By Susan Schmidt and James V. Grimaldi
Washington Post Staff Writers
Wednesday, January 4, 2006; A01
Jack Abramoff, the once-powerful lobbyist at the center of a wide-ranging public corruption investigation, pleaded guilty yesterday to fraud, tax evasion and conspiracy to bribe public officials in a deal that requires him to provide evidence about members of Congress.
The plea deal could have enormous legal and political consequences for the lawmakers on whom Abramoff lavished luxury trips, skybox fundraisers, campaign contributions, jobs for their spouses, and meals at Signatures, the lobbyist's upscale restaurant.
In court papers, prosecutors refer to only one congressman: Rep. Robert W. Ney (R-Ohio). But Abramoff, who built a political alliance with House Republicans, including former majority leader Tom DeLay of Texas, has agreed to provide information and testimony about half a dozen House and Senate members, officials familiar with the inquiry said. He also is to provide evidence about congressional staffers, Interior Department workers and other executive branch officials, and other lobbyists.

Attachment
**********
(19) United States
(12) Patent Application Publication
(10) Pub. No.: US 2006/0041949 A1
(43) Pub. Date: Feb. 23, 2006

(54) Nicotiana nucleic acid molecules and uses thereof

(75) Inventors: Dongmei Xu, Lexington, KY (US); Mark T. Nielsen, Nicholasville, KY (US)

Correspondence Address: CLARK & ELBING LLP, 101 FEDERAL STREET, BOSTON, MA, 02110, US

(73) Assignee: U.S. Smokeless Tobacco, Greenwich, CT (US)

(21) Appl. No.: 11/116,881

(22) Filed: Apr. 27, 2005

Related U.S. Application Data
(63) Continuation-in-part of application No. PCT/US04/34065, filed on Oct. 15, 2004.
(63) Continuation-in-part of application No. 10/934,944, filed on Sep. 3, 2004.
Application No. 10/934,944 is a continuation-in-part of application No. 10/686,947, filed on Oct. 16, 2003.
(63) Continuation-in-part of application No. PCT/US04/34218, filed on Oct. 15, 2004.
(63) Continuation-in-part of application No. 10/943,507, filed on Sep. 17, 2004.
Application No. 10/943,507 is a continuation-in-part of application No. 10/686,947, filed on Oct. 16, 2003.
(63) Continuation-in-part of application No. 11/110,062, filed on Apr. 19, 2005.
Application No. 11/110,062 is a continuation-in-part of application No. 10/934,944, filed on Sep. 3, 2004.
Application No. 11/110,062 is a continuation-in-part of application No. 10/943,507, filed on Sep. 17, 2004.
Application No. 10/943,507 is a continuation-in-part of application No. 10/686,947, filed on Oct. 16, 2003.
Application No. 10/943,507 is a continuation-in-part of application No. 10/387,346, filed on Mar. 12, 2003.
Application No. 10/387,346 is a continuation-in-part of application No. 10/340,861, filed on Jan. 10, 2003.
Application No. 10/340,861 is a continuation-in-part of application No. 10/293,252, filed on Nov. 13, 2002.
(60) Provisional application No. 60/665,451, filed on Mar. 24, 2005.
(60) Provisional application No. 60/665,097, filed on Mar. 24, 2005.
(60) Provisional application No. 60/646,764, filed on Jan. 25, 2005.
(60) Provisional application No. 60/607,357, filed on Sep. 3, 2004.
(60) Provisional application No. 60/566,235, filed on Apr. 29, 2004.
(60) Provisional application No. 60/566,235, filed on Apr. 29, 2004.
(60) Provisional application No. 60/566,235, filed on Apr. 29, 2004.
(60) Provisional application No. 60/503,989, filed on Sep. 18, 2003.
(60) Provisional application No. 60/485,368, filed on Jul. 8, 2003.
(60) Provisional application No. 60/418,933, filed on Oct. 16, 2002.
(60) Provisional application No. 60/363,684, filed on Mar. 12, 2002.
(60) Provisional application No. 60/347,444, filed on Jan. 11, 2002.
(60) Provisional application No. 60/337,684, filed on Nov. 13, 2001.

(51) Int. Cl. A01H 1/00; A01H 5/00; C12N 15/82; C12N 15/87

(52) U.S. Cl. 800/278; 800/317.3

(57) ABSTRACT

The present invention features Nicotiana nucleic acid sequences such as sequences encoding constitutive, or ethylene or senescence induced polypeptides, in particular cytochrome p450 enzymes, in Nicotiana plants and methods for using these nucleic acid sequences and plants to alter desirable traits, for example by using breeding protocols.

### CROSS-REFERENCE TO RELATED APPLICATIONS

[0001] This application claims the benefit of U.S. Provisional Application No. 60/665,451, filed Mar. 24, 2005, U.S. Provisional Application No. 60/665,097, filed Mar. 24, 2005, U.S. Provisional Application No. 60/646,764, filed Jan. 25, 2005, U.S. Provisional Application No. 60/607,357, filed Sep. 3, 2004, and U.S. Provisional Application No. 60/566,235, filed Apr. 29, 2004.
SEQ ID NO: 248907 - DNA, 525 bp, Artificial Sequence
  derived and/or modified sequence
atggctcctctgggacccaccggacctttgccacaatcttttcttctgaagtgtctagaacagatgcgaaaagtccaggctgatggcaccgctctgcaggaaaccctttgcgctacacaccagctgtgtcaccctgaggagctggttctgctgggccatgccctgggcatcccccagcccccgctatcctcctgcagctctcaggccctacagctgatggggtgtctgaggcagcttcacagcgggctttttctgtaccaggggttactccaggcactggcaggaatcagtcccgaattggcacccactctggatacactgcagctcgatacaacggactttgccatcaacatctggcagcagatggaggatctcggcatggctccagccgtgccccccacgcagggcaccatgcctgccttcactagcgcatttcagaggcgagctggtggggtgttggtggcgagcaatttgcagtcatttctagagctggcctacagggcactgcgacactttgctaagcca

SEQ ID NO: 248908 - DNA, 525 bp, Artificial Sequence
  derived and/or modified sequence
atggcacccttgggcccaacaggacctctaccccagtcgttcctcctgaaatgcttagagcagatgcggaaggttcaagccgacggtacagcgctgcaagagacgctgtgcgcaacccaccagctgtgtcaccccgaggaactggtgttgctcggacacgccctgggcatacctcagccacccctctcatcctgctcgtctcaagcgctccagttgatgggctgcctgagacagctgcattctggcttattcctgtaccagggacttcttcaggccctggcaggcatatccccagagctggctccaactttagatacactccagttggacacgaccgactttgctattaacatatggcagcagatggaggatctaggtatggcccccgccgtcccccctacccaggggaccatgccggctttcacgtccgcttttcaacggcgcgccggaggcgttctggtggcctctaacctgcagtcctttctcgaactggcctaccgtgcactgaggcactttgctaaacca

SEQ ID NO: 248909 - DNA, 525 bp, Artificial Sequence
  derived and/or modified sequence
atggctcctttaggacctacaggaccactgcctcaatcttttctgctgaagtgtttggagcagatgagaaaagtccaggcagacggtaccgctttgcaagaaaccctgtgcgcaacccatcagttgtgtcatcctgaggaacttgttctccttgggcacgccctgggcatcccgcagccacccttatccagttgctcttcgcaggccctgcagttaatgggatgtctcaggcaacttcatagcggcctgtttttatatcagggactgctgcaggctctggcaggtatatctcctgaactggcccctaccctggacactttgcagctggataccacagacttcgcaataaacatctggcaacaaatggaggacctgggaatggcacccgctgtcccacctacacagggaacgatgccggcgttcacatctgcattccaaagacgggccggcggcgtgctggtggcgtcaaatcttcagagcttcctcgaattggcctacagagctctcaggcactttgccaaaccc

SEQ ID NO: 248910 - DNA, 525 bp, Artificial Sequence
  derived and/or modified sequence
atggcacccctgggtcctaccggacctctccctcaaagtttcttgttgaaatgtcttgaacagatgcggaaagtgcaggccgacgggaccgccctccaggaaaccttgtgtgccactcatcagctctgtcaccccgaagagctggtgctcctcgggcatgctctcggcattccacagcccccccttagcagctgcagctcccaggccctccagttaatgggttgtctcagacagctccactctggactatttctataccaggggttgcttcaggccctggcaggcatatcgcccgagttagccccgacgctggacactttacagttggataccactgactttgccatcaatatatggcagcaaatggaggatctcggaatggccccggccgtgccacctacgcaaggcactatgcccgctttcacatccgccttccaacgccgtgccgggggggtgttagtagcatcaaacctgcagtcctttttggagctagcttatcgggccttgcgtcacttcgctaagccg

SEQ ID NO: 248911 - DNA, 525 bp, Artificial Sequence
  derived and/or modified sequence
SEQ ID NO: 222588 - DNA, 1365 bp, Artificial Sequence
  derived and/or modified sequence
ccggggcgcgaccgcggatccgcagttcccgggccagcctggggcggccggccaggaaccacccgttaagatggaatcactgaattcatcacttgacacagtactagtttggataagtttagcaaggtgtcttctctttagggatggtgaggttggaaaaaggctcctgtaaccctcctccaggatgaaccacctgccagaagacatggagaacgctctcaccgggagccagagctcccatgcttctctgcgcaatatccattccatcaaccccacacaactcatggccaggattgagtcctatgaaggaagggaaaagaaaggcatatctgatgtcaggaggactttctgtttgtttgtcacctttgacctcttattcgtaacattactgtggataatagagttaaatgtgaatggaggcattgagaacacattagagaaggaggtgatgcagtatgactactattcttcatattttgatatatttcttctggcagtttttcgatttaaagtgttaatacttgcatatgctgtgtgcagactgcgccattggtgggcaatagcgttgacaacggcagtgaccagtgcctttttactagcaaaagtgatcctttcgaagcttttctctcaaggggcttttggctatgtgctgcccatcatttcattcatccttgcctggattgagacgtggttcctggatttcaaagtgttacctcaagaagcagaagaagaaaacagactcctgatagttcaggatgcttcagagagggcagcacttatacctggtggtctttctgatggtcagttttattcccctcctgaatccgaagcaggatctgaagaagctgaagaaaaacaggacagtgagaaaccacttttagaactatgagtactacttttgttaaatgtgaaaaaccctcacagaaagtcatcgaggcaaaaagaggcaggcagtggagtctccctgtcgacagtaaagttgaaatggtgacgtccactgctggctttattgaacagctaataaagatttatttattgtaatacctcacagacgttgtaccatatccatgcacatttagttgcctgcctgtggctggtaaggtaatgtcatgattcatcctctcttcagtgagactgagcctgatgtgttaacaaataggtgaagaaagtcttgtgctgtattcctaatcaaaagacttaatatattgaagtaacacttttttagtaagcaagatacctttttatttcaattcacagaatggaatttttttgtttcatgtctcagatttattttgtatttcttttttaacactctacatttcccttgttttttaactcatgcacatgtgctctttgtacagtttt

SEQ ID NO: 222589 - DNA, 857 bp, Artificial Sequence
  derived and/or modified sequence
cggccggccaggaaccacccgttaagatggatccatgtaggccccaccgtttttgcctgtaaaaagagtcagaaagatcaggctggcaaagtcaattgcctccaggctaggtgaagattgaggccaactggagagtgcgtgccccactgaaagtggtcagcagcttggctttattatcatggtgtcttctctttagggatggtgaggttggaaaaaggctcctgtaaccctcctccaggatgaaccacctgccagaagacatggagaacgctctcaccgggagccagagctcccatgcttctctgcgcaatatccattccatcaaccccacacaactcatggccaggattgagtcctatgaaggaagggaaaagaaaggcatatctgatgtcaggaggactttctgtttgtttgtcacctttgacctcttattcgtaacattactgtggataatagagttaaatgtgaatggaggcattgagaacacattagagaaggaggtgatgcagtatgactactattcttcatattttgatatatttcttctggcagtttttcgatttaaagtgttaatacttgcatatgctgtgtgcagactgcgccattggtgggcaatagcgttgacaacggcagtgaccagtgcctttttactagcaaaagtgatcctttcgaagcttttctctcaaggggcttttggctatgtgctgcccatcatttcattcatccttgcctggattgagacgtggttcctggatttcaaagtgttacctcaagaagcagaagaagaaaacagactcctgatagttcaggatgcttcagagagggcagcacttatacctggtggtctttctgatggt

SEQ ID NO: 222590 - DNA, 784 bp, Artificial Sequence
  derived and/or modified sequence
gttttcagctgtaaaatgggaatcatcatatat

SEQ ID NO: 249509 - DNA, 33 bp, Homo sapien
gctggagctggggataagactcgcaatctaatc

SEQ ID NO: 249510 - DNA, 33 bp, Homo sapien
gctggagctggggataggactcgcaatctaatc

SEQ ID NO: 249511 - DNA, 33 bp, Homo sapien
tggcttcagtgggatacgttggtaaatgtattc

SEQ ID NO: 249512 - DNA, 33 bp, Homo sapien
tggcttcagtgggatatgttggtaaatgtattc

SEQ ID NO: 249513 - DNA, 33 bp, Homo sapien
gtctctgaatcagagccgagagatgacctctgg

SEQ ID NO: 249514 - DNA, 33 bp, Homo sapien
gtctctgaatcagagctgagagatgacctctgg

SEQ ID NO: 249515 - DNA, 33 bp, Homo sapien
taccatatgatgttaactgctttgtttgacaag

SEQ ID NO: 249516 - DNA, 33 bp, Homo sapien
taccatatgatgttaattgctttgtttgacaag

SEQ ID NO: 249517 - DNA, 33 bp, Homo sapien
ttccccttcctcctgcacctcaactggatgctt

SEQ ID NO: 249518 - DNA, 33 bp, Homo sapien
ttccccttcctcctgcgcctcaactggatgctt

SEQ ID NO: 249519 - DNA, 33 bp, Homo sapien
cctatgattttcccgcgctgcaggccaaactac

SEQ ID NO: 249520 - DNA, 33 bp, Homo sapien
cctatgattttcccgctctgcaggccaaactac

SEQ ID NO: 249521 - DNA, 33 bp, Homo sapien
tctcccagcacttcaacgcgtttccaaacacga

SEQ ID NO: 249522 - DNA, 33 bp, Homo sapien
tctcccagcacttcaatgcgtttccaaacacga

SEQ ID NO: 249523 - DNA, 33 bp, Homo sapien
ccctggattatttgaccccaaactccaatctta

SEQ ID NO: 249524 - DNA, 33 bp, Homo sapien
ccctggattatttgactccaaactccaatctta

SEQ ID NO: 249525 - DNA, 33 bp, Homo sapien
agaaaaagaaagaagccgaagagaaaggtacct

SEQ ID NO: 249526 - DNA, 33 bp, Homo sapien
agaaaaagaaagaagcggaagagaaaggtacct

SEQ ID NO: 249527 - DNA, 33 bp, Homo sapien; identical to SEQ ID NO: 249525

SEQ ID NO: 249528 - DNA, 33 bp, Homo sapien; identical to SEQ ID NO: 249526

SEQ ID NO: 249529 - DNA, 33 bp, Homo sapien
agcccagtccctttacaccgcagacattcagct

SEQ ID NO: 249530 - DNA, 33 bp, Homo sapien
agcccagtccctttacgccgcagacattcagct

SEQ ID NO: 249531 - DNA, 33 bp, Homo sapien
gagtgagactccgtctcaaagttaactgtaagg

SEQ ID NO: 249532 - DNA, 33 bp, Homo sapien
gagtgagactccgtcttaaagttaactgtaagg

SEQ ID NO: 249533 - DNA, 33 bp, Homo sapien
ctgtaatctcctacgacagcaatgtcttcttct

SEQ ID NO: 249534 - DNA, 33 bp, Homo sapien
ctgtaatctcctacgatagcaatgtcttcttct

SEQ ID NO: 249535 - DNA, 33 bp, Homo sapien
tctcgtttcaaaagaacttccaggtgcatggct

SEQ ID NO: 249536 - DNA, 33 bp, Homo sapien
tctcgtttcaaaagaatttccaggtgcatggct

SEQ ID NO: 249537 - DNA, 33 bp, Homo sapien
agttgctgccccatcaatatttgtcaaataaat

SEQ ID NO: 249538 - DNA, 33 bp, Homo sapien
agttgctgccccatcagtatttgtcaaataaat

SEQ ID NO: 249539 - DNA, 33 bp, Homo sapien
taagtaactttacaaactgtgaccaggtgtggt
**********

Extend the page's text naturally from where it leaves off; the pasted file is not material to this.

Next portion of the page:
"The corruption scheme with Mr. Abramoff is very extensive," Alice S. Fisher, head of the Justice Department's criminal division, said at a news conference with other high-ranking officials of the Internal Revenue Service and the FBI. "We're going to follow this wherever it goes."
Fisher declined to identify the officials under scrutiny. "We name people in indictments," she said, adding: "We are moving very quickly."
Among the allegations in the court documents is that Abramoff arranged for payments totaling $50,000 for the wife of an unnamed congressional staffer in return for the staffer's help in killing an Internet gambling measure. The Washington Post has previously reported that Tony Rudy, a former top aide to DeLay, worked with Abramoff to kill such a bill in 2000 before going to work for Abramoff.